Refugees & Asylum Seekers: Challenges for OT

Despite the current support and the identified potential for furthering OTs role with the refugee and asylum seeker populations, there are challenges present that impact the feasibility of providing services. 

Language Barriers 

Refugees and asylum seekers often lack preparedness in regards to their host country's language due to the emergency nature of their migration despite being generally more educated than other immigrant populations (Bloch, 2004; Liebau & Salikutlik, 2016). OTs must accommodate a difference in language while remaining client-centered. Interpreters are often utilized in order to overcome this challenge (Smith, 2005). However, the setting, funding, and the availability of interpreters can impact the feasibility of an interpreter. 


This area of practice is considered an emerging area. Countries such as Australia and the UK are increasingly implementing opportunities for OT students to engage with refugees and asylum seekers during fieldwork/clinical rotations, however; many places such as the U.S. have very few opportunities available. Many OT-based concepts that are taught are applicable to refugees and asylum seekers, but extensive education specific to this population is rare (Trimboli & Taylor, 2016)

Cultural Differences 

In order for OTs to provide services in a culturally sensitive manner more information is needed on the occupational needs of refugees and asylum seeker populations (Trimboli & Taylor, 2016; Smith 2005). Traditional approaches to OT that are not culturally appropriate may unintentionally promote helplessness which can, in turn, facilitate the development and maintenance of the victim role (Smith, 2005). OTs seeking to provide services to these populations must be capable of making swift adjustments to their approaches to meet their diverse and various needs (Smith, 2005). For example, at one detention center or day services program, a group of refugees or asylum seekers may represent several different cultural backgrounds and needs. Furthermore, OTs must acknowledge potential cultural barriers to accepting support and learn how to navigate them (Trimboli & Taylor, 2016). Cultural competency is imperative with any population, but perhaps even more so for these populations.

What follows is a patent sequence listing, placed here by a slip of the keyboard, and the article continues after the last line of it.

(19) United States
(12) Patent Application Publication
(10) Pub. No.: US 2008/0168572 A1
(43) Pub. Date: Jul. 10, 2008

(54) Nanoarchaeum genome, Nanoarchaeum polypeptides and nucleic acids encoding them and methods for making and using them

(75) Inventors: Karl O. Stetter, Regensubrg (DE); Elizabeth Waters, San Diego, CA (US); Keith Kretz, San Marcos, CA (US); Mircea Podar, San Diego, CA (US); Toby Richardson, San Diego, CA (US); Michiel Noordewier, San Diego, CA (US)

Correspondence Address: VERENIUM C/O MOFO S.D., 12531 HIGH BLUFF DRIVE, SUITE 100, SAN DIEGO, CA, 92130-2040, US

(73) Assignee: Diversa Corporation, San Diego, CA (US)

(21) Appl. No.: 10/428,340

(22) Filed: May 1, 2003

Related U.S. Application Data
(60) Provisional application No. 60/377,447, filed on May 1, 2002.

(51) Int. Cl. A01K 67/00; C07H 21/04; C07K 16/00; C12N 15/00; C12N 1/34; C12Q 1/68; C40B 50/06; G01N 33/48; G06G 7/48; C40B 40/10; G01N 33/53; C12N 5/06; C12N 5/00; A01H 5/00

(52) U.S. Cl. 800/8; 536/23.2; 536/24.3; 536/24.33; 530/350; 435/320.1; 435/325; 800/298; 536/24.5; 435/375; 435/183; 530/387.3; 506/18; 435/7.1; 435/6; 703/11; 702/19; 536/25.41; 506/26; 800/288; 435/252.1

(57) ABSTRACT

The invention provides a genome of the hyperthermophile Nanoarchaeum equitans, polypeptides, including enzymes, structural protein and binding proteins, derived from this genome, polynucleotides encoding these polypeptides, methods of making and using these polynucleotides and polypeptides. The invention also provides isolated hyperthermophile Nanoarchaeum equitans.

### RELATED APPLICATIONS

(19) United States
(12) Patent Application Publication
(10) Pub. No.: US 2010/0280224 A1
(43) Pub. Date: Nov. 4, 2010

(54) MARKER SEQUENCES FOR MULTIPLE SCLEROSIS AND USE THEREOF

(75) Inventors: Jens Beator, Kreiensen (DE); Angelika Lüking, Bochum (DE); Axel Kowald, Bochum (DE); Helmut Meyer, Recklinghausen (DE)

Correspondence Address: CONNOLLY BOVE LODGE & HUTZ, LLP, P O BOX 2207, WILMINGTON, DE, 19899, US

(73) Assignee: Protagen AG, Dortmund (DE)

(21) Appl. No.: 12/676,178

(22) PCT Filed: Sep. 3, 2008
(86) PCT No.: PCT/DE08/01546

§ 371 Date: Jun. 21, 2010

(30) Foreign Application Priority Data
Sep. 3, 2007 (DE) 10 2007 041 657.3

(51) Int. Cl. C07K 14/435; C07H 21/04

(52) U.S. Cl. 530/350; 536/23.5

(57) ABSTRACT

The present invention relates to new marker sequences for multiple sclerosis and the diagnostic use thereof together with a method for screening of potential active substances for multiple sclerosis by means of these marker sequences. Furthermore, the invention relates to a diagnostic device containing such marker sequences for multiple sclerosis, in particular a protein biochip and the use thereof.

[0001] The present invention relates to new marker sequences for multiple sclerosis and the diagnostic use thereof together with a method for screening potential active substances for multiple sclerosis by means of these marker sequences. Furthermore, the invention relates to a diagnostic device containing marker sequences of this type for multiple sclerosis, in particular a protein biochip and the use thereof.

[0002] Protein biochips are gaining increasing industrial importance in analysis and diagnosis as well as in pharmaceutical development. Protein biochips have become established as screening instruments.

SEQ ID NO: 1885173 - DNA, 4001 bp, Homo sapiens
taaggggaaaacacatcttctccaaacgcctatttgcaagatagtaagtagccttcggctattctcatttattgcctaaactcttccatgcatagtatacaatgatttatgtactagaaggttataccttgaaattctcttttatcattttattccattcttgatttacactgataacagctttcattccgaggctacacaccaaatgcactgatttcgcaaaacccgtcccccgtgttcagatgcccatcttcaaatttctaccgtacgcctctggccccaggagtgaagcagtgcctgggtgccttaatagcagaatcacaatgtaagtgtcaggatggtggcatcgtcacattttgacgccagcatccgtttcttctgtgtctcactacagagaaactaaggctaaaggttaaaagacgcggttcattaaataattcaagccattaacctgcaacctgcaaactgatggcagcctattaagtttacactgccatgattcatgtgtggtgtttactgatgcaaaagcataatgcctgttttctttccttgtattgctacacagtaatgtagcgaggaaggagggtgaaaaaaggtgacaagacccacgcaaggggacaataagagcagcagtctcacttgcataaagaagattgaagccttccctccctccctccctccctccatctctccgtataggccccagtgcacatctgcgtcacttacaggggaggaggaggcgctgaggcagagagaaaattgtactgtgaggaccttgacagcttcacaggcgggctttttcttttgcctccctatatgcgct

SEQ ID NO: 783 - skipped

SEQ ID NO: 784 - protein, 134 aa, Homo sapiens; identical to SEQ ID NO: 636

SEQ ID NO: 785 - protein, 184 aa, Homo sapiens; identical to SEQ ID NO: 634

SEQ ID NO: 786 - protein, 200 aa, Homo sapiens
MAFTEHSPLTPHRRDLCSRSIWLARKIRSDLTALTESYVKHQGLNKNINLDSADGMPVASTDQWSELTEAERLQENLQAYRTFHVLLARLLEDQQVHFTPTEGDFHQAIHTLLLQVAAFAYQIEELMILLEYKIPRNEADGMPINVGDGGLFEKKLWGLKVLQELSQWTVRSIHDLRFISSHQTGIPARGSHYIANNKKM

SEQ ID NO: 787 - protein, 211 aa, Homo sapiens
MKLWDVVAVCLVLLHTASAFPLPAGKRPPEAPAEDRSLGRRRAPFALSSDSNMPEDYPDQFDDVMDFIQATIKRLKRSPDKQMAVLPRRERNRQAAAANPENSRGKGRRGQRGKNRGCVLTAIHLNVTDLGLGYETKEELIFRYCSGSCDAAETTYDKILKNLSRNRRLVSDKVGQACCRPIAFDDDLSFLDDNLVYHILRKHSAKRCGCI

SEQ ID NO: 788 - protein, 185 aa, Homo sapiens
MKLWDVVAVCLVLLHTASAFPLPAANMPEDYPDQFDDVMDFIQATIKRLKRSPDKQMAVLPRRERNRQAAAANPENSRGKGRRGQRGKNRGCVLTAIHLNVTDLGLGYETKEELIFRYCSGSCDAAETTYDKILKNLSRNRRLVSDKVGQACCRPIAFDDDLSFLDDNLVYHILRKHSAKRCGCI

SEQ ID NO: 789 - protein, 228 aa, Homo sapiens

Lack of Awareness & Funding

OT services are not standard practice for refugees and asylum seekers while integrating into new environments. A lack of awareness and access to OT services are notable barriers (Trimboli & Taylor, 2016). Government policies and a lack of funding may contribute to gaps in OT service provisions for refugees and asylum seekers (Trimboli & Taylor, 2016). 


Currently, there is limited literature available to provide guidance for OTs interested in working with these populations (Trimboli & Taylor, 2016). Additional research is needed for the relationship between the health and wellbeing of this population, their occupations, and occupational therapy-based interventions in order to facilitate a better understanding of OTf's role and advocating for improved treatment of this population (Trimboli & Taylor, 2016). However, despite methodological challenges for conducting research with this population, common themes have been found regardless of nationality or resettlement location within occupational therapy and nursing literature (Whiteford, 2004, 2005; Strijkm et al., 2011).